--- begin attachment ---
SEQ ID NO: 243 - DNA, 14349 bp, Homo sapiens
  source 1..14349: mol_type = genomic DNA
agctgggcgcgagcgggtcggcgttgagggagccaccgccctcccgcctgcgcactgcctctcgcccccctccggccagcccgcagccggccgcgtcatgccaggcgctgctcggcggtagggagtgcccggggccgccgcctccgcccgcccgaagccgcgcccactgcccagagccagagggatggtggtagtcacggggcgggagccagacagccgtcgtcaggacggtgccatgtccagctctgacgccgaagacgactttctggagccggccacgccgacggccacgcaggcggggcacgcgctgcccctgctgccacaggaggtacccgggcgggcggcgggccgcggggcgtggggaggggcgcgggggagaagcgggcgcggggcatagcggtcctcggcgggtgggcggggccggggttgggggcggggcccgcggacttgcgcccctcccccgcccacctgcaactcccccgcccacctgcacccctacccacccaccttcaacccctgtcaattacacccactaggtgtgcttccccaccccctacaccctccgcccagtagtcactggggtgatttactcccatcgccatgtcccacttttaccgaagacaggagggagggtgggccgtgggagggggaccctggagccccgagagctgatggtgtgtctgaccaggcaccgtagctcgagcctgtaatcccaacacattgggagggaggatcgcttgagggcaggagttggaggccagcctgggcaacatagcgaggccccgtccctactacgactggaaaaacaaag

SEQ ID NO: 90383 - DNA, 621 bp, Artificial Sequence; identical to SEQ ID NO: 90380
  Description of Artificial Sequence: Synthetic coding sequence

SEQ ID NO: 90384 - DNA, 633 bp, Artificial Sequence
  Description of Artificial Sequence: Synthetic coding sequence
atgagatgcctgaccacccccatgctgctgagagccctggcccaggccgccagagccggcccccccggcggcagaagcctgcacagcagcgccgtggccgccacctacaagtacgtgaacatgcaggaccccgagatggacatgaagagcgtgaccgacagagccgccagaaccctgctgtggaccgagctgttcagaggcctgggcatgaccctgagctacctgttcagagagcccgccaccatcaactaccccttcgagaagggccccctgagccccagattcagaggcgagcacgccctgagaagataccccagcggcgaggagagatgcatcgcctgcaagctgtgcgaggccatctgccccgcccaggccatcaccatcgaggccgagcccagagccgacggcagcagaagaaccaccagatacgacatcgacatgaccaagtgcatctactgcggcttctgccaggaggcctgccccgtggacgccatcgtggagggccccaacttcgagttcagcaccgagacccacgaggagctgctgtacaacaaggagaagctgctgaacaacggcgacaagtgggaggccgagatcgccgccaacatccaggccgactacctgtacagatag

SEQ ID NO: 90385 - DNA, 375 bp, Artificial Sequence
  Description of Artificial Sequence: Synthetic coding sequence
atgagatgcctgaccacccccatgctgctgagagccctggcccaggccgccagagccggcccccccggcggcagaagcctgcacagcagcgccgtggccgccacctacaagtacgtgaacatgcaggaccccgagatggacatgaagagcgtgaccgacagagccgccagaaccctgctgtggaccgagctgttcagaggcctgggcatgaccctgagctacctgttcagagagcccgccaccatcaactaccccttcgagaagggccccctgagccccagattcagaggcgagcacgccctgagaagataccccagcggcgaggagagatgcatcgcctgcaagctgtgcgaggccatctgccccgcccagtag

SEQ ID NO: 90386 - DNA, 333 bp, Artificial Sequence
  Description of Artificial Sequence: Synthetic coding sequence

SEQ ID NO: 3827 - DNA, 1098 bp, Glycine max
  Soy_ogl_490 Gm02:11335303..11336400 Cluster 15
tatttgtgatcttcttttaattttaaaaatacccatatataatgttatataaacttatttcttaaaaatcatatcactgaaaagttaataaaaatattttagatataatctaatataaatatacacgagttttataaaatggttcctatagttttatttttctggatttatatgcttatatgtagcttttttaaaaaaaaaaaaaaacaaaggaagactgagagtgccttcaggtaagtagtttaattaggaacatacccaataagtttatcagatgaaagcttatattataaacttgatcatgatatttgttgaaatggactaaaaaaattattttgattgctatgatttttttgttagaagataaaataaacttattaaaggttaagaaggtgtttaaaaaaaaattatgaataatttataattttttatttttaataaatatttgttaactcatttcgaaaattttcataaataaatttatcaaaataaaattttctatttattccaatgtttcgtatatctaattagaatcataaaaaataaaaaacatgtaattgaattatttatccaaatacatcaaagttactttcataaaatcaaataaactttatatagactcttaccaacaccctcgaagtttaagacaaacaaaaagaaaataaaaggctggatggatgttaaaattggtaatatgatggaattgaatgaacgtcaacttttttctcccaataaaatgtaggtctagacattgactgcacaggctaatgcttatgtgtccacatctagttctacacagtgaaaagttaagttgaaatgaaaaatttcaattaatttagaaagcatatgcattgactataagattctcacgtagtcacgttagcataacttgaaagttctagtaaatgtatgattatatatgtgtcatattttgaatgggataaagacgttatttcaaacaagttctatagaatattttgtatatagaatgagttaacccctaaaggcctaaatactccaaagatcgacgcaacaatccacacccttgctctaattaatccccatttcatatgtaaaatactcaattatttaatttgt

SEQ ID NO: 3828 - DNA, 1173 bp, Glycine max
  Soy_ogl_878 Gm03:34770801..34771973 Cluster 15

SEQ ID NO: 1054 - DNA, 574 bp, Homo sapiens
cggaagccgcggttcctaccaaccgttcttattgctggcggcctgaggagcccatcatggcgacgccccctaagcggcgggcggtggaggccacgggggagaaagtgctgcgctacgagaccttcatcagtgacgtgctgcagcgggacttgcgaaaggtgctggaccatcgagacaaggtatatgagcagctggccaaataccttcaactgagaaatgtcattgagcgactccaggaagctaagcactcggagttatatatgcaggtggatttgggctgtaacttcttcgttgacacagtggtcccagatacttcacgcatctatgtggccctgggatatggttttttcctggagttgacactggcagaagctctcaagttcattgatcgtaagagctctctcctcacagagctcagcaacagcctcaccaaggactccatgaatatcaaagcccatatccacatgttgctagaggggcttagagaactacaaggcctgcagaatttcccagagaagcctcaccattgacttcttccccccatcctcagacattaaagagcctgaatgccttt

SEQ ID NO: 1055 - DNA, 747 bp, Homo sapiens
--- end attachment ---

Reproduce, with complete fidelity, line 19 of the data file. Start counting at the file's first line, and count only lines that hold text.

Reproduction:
SEQ ID NO: 1054 - DNA, 574 bp, Homo sapiens